The Tomé Way

Tomé, the first CEO in UPS Inc.’s (NYSE:UPS) 113-year history to have never worked for the company, hosted her first analyst meeting on Thursday. When it ended an hour later, the universe of UPS stakeholders listening in knew that a fresh gale had blown through 55 Glenlake Parkway, its Atlanta headquarters.

Tomé, 63, brought two distinct messages to the call: first, that UPS is a more impressive company than Tomé, who has spent 17 years on its board, had realized. Second, that things need to change for UPS to sustain profitable growth as its business fundamentally changes in the years to come. UPS needs to become “better, not bigger,” she stressed repeatedly. 

The candid tenor of Tomé’s message may have surprised UPSers accustomed to scripted and uncritical public language from top leadership. Virtually all prior CEOs, and others in the C-suite as well, had spent their entire careers at the company. Unlike Tomé, they had no perspective as outsiders. 

Among her points: For all of UPS’ vaunted industrial engineering prowess, the company can be “over-engineered.” UPS’ portfolio consists of 400 to 500 products, each of which has systems and processes to support them. Yet in 2019, more than 100 of those products were never sold, she said. In addition, UPS will build or buy capacity, sometimes at any cost, in the hope that demand will follow, she said. 

UPS has not done a stellar job in allocating capital, Tomé said, suggesting it will have lower “capital intensity” going forward. This means optimizing the assets that the company has on hand, she said. 

In technology, where UPS typically invests more than $1 billion a year, the company has gotten stuck in what Tomé called a “static business logic” environment. This has resulted in a lot of overhead expense, an overemphasis on reporting, and “looking through the rearview mirror to drive the company,” she told analysts.

Todd Fowler, analyst for Keybanc Capital Markets, took notice. Tomé’s messaging, he wrote in a Thursday note, was “on the mark with respect to a greater focus on adequate pricing for services, improved efficiencies, streamlining operations and product lines, and perhaps most importantly, reducing capital spending while improving margins to improve returns.”

UPS will only angle for big fish in its cost-reduction efforts, Tomé said. “I don’t like anything unless it starts with a “B” (billions) because it’s just not worth our time,” she said. 

Another imperative that Tomé will be wrestling with is how to boost profitability — especially in the business-to-consumer (B2C) segment that accounted for 69% of UPS’ U.S. traffic in the second quarter — without raising prices to levels that might alienate value-conscious merchants. Beneath the otherwise-phenomenal quarterly results that sent UPS shares on Thursday to its best one-day performance in 20 years were ongoing concerns about margin compression. Part of that was short-cycle in nature: The lockdowns in the early part of the quarter cratered business-to-business volumes, the high-margin segment of UPS’ business, while B2C traffic soared. 

Yet the challenges of B2C — namely a lack of profitable delivery density and more low-cost carrier competition than on the B2B side — will be with the company long after the pandemic ends. Domestic margins have declined by 500 basis points over the past four years, due mostly to profound shifts in UPS’ mix.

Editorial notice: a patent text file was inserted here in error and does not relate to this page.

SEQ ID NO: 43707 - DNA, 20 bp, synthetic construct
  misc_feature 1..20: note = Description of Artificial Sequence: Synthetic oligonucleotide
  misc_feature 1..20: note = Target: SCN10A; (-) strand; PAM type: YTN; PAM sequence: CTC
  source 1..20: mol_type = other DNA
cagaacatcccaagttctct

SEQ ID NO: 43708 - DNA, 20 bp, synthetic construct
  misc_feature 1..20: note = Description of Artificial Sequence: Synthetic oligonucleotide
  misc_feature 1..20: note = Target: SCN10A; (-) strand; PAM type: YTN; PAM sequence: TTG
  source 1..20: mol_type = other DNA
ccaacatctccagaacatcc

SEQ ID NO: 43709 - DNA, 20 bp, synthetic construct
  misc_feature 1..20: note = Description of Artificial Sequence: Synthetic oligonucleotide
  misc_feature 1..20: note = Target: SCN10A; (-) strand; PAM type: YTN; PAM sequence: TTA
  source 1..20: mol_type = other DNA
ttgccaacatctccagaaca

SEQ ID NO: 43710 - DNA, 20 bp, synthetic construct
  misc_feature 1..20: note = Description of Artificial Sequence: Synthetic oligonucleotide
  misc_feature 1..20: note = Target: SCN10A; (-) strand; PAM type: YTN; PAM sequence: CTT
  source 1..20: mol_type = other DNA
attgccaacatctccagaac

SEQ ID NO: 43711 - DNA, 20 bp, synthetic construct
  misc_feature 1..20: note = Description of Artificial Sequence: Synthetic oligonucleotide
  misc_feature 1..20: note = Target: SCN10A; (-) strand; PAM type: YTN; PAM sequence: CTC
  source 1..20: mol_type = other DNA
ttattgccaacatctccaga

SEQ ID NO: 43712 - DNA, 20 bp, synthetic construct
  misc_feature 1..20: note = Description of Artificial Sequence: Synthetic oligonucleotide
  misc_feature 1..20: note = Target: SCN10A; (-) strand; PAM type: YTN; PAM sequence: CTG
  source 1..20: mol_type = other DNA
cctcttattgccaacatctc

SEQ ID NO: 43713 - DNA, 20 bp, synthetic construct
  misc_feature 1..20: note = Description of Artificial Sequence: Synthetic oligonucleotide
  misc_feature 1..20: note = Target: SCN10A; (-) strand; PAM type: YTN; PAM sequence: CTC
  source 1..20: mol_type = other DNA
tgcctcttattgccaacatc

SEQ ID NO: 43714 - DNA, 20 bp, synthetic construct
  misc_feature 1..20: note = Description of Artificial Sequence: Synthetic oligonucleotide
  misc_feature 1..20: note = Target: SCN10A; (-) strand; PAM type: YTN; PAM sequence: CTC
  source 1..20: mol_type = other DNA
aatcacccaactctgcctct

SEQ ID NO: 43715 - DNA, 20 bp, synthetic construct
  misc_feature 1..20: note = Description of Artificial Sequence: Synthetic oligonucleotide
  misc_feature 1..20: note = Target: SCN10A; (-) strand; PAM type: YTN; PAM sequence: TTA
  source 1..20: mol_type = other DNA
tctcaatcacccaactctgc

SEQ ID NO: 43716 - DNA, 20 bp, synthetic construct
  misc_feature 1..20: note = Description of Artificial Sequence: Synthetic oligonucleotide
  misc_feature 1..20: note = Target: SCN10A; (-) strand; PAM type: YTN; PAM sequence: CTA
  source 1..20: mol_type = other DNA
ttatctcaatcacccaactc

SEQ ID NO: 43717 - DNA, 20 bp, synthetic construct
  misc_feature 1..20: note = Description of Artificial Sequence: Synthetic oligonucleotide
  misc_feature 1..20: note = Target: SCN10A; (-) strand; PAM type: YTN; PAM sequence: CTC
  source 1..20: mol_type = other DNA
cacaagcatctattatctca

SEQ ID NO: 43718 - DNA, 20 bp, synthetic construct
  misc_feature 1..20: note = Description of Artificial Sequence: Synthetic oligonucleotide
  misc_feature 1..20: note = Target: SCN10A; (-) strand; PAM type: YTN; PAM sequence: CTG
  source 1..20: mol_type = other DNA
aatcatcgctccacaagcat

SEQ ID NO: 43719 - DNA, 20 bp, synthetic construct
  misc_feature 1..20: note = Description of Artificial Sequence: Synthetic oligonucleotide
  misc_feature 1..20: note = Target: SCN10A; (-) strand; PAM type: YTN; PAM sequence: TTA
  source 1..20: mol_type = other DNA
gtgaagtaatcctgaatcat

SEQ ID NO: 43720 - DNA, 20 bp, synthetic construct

To combat that, Tomé, who spent 24 years at retailing giant The Home Depot Inc. (NySE:HD) before retiring as its CFO in 2019, will ratchet up the focus on the small to midsize (SMB) segment, particularly the smaller tiers of those businesses where she said the company is underpenetrated relative to the competition. Because 46% of its SMB customers believe that time-in-transit performance is a priority, Tomé authorized the pull-forward into 2020 of $750 million to improve delivery times and expand service levels. By October, UPS will reach 90% of the U.S. population in three days, and 75% of the country will have access to Saturday ground residential deliveries, she said.

The SMB customer “values our end-to-end network and is willing to pay for it,” Tomé said. The revenue is of “better quality” than from other top-line sources and can be achieved without a heavy reliance on price increases, she said. 

The pace of technological change will also quicken, Tomé said. During the call, she unveiled ground-floor plans for “Transformation 2.0” and “Transformation 3.0,” even as UPS was still working on “Transformation 1.0,” which is expected to finish by the end of 2021 and has delivered about $1 billion in cumulative savings since it started in 2018, according to company estimates. The next phases will likely focus on “analytical data science” designed to improve productivity and profitability per piece, Tomé said. More systems and applications will move to the cloud, she said. So far, 25 are cloud-based with only four applications running on mainframes, she said.

Tomé, who left one behemoth to join another, understands the challenges of transforming a company of UPS’ size. As she sees it, the combination of “right-sizing” the revenue and productivity and efficiency improvements will boost flagging U.S. operating margins, which many analysts consider the top priority. “This is a big company to turn. You can’t do it overnight. But if you look through 2020 and into 2021 and beyond, you should expect the margin to start to go in the right direction.”